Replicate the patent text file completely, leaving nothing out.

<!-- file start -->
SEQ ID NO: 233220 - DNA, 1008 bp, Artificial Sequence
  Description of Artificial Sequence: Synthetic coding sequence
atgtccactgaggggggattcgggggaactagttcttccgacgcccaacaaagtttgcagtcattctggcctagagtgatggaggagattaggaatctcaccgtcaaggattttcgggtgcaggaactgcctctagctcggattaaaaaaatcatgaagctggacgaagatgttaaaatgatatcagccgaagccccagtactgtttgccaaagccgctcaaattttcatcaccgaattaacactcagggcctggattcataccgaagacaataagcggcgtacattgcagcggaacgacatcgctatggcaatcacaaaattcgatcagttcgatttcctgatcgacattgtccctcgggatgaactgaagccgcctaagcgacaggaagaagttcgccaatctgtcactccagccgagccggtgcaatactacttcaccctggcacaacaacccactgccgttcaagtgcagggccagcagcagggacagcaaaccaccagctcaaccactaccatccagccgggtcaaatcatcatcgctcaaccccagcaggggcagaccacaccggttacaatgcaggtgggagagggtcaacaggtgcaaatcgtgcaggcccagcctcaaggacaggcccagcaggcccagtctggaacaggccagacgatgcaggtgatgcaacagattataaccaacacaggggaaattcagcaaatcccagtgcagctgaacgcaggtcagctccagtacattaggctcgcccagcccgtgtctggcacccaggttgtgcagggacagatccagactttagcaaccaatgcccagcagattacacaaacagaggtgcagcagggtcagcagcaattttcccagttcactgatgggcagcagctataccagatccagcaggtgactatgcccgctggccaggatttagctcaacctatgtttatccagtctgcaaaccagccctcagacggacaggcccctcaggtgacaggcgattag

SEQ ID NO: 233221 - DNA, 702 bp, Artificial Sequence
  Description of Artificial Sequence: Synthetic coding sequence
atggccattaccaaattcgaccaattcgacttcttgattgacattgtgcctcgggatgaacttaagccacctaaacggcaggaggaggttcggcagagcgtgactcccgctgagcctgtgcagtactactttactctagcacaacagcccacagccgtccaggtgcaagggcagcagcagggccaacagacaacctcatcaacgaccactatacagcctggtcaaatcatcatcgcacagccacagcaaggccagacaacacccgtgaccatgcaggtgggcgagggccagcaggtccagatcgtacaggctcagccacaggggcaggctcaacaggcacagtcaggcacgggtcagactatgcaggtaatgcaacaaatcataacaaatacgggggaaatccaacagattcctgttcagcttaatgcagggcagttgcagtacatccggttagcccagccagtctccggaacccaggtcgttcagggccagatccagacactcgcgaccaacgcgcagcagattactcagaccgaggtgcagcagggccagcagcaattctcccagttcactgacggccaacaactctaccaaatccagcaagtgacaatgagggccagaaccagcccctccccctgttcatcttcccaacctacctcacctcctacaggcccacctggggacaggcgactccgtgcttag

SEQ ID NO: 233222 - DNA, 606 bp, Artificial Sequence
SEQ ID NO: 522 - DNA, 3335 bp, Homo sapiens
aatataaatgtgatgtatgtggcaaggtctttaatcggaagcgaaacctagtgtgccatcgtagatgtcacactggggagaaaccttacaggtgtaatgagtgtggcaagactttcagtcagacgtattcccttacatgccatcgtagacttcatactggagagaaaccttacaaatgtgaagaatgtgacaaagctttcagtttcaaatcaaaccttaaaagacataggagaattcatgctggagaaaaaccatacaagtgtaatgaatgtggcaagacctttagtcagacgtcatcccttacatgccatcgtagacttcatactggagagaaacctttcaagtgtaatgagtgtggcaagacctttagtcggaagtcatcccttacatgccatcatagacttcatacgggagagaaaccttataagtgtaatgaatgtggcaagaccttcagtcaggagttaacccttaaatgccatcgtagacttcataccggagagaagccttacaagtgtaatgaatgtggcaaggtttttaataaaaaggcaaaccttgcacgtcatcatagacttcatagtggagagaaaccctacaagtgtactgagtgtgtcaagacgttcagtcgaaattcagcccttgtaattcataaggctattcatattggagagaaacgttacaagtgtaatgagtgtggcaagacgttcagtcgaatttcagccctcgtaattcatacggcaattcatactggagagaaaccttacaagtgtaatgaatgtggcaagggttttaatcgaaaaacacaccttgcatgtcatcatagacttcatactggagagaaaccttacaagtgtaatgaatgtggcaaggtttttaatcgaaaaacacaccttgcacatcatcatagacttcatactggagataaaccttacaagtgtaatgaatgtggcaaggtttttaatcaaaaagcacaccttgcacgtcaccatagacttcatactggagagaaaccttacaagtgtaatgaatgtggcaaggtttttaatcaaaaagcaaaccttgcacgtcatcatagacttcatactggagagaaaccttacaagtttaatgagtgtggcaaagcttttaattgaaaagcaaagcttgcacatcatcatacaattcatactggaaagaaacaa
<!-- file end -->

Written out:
SEQ ID NO: 233220 - DNA, 1008 bp, Artificial Sequence
  Description of Artificial Sequence: Synthetic coding sequence
atgtccactgaggggggattcgggggaactagttcttccgacgcccaacaaagtttgcagtcattctggcctagagtgatggaggagattaggaatctcaccgtcaaggattttcgggtgcaggaactgcctctagctcggattaaaaaaatcatgaagctggacgaagatgttaaaatgatatcagccgaagccccagtactgtttgccaaagccgctcaaattttcatcaccgaattaacactcagggcctggattcataccgaagacaataagcggcgtacattgcagcggaacgacatcgctatggcaatcacaaaattcgatcagttcgatttcctgatcgacattgtccctcgggatgaactgaagccgcctaagcgacaggaagaagttcgccaatctgtcactccagccgagccggtgcaatactacttcaccctggcacaacaacccactgccgttcaagtgcagggccagcagcagggacagcaaaccaccagctcaaccactaccatccagccgggtcaaatcatcatcgctcaaccccagcaggggcagaccacaccggttacaatgcaggtgggagagggtcaacaggtgcaaatcgtgcaggcccagcctcaaggacaggcccagcaggcccagtctggaacaggccagacgatgcaggtgatgcaacagattataaccaacacaggggaaattcagcaaatcccagtgcagctgaacgcaggtcagctccagtacattaggctcgcccagcccgtgtctggcacccaggttgtgcagggacagatccagactttagcaaccaatgcccagcagattacacaaacagaggtgcagcagggtcagcagcaattttcccagttcactgatgggcagcagctataccagatccagcaggtgactatgcccgctggccaggatttagctcaacctatgtttatccagtctgcaaaccagccctcagacggacaggcccctcaggtgacaggcgattag

SEQ ID NO: 233221 - DNA, 702 bp, Artificial Sequence
  Description of Artificial Sequence: Synthetic coding sequence
atggccattaccaaattcgaccaattcgacttcttgattgacattgtgcctcgggatgaacttaagccacctaaacggcaggaggaggttcggcagagcgtgactcccgctgagcctgtgcagtactactttactctagcacaacagcccacagccgtccaggtgcaagggcagcagcagggccaacagacaacctcatcaacgaccactatacagcctggtcaaatcatcatcgcacagccacagcaaggccagacaacacccgtgaccatgcaggtgggcgagggccagcaggtccagatcgtacaggctcagccacaggggcaggctcaacaggcacagtcaggcacgggtcagactatgcaggtaatgcaacaaatcataacaaatacgggggaaatccaacagattcctgttcagcttaatgcagggcagttgcagtacatccggttagcccagccagtctccggaacccaggtcgttcagggccagatccagacactcgcgaccaacgcgcagcagattactcagaccgaggtgcagcagggccagcagcaattctcccagttcactgacggccaacaactctaccaaatccagcaagtgacaatgagggccagaaccagcccctccccctgttcatcttcccaacctacctcacctcctacaggcccacctggggacaggcgactccgtgcttag

SEQ ID NO: 233222 - DNA, 606 bp, Artificial Sequence
SEQ ID NO: 522 - DNA, 3335 bp, Homo sapiens
aatataaatgtgatgtatgtggcaaggtctttaatcggaagcgaaacctagtgtgccatcgtagatgtcacactggggagaaaccttacaggtgtaatgagtgtggcaagactttcagtcagacgtattcccttacatgccatcgtagacttcatactggagagaaaccttacaaatgtgaagaatgtgacaaagctttcagtttcaaatcaaaccttaaaagacataggagaattcatgctggagaaaaaccatacaagtgtaatgaatgtggcaagacctttagtcagacgtcatcccttacatgccatcgtagacttcatactggagagaaacctttcaagtgtaatgagtgtggcaagacctttagtcggaagtcatcccttacatgccatcatagacttcatacgggagagaaaccttataagtgtaatgaatgtggcaagaccttcagtcaggagttaacccttaaatgccatcgtagacttcataccggagagaagccttacaagtgtaatgaatgtggcaaggtttttaataaaaaggcaaaccttgcacgtcatcatagacttcatagtggagagaaaccctacaagtgtactgagtgtgtcaagacgttcagtcgaaattcagcccttgtaattcataaggctattcatattggagagaaacgttacaagtgtaatgagtgtggcaagacgttcagtcgaatttcagccctcgtaattcatacggcaattcatactggagagaaaccttacaagtgtaatgaatgtggcaagggttttaatcgaaaaacacaccttgcatgtcatcatagacttcatactggagagaaaccttacaagtgtaatgaatgtggcaaggtttttaatcgaaaaacacaccttgcacatcatcatagacttcatactggagataaaccttacaagtgtaatgaatgtggcaaggtttttaatcaaaaagcacaccttgcacgtcaccatagacttcatactggagagaaaccttacaagtgtaatgaatgtggcaaggtttttaatcaaaaagcaaaccttgcacgtcatcatagacttcatactggagagaaaccttacaagtttaatgagtgtggcaaagcttttaattgaaaagcaaagcttgcacatcatcatacaattcatactggaaagaaacaa